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I didn’t do a good job of posting my monthly staples, beer and fly, in October so I am doing it now.  The beer of the month for October was the Milk Stout Nitro from Left Hand Brewing in Longmont, Colorado.  I got turned onto milk stouts by an old high school pal of mine one night when I was back home for Thanksgiving.  He did a little bartending while in college up at Indiana, so I was privy to his recommendation.  I wasn’t much of a stout drinker at the time, but a good milk stout will certainly turn a man.  I’m not sure if the Nitro is what we were drinking, but it has been my favorite of the style thus far.  I’m kind of bummed that the one time I went through Longmont, CO I didn’t make it over to the brewery, we went to Oskar Blues instead (not too shabby for Longmont to have both Oskar Blues and Left Hand in the same town).  There is a damn fine fly shop in Longmont and plenty of good fishing nearby so maybe I’ll make my way up there again in the future.  This is a Nitro:

And this is how you pour it – hard:

What the beer geeks have to say about it:

http://allthesamebeer.com/2013/01/24/beer-review-0313-left-hand-milk-stout-nitro/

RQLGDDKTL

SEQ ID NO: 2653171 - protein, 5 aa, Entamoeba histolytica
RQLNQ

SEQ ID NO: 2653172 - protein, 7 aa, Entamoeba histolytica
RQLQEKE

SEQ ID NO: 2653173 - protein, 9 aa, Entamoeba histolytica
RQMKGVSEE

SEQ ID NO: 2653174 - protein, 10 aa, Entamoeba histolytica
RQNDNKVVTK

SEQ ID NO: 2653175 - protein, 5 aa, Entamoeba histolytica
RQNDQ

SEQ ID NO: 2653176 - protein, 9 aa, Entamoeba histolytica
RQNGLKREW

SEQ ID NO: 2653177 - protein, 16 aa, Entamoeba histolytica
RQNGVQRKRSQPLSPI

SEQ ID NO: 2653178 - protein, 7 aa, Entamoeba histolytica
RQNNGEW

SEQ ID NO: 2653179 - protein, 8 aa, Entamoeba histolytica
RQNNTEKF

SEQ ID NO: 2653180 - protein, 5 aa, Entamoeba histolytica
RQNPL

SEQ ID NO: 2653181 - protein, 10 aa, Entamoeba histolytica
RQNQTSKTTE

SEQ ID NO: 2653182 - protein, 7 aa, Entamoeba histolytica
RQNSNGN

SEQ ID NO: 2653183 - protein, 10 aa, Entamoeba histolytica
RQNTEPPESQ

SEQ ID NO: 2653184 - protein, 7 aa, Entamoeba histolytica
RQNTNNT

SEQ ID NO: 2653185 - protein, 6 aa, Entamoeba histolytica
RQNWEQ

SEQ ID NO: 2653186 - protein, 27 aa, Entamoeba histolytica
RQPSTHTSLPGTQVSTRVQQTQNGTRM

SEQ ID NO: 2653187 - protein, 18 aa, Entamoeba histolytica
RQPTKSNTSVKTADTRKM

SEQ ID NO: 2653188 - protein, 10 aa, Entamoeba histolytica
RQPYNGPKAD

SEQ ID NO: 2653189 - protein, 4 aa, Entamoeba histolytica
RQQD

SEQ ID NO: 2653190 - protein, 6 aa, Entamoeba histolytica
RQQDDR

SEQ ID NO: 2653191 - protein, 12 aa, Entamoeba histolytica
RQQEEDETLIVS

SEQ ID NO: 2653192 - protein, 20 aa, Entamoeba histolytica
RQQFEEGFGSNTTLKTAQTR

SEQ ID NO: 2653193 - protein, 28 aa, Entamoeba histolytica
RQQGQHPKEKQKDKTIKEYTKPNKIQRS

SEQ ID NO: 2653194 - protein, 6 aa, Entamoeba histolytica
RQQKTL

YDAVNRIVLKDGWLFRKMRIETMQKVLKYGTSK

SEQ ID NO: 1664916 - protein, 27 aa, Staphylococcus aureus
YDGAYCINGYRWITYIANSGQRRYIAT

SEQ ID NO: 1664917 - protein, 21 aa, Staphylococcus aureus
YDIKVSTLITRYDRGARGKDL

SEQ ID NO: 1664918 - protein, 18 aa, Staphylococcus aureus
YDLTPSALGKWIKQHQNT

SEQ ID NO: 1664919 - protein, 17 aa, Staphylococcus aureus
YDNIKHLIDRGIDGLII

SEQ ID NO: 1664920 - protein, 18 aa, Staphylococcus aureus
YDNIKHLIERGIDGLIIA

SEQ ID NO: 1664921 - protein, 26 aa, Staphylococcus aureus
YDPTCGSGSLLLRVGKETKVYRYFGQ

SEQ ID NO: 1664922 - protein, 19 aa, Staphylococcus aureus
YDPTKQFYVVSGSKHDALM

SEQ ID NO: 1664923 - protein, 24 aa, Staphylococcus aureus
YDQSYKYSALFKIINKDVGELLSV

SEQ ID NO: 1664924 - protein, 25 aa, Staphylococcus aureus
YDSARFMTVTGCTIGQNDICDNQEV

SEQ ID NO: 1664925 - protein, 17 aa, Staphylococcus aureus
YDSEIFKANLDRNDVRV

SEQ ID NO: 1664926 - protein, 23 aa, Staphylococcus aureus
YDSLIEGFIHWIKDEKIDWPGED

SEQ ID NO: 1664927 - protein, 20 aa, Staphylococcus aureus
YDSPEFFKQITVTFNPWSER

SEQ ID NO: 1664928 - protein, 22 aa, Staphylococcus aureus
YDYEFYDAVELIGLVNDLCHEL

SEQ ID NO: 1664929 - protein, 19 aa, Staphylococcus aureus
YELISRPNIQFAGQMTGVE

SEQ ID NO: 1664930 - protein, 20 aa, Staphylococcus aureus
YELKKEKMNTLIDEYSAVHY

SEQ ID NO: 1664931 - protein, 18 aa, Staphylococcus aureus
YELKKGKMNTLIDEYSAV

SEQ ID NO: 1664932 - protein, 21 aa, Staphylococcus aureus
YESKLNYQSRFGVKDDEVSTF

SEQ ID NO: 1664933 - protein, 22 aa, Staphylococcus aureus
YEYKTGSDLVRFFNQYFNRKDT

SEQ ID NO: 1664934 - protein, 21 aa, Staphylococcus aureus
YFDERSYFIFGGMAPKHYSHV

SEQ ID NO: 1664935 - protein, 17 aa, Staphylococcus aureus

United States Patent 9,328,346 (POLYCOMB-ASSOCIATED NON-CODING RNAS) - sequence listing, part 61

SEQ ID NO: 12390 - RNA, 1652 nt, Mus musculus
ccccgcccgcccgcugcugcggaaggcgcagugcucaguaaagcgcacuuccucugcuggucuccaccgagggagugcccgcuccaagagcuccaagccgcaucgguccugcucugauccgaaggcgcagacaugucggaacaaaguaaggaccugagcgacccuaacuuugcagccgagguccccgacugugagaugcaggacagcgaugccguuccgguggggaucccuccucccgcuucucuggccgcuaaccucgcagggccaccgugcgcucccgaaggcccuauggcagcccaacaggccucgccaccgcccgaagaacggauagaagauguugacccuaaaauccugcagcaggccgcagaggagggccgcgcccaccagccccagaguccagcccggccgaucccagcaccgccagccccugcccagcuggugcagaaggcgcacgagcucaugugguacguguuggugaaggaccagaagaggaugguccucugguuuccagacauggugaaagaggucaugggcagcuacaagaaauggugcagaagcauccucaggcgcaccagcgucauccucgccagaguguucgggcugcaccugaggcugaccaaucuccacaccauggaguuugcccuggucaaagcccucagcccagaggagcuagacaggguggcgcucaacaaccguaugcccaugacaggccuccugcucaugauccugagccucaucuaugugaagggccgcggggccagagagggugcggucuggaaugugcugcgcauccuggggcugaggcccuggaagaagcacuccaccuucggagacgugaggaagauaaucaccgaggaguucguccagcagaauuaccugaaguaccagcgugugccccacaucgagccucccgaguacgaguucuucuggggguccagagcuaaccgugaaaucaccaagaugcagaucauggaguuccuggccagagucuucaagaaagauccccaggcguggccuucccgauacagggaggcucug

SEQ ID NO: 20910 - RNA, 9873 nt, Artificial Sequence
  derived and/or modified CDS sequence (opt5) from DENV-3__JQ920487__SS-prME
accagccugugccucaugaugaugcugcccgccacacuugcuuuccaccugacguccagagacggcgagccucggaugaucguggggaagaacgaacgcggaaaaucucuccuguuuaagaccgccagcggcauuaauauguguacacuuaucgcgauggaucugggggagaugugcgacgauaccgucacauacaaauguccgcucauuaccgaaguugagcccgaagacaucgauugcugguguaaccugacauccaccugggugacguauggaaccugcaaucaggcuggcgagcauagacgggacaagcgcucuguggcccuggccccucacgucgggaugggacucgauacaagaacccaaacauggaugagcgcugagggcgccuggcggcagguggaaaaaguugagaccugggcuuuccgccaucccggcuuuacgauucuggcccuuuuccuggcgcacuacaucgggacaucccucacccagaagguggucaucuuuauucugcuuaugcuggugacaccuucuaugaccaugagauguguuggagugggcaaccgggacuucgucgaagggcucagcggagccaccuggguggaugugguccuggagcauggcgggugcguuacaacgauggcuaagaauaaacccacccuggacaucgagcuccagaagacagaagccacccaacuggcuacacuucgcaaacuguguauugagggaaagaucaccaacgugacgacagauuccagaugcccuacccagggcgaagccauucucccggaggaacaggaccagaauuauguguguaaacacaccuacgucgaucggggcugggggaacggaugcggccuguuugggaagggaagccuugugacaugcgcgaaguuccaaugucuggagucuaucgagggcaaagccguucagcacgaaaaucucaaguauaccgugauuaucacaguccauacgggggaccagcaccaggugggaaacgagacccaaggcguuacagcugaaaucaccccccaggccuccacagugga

http://www.beeradvocate.com/beer/profile/418/115076/

http://www.ratebeer.com/beer/left-hand-milk-stout-nitro/155990/

We arrived in Denver Thursday around noon via direct flight from New Orleans. Prior to leaving a co-worker and I were talking about me heading to Denver and he sent me a link to an article on The Chive about the conspiracy theories surrounding the airport – an interesting, albeit strange read. Never having been through the Denver airport I had no idea, so of course I had to take a picture of one of the murals once I got there. Sure enough the creepiest one was on the way to baggage claim. After that we picked up a rental Jeep Patriot and hit the tollway to head north toward our cabin. We were taking our time as we had a few stops to make along the way.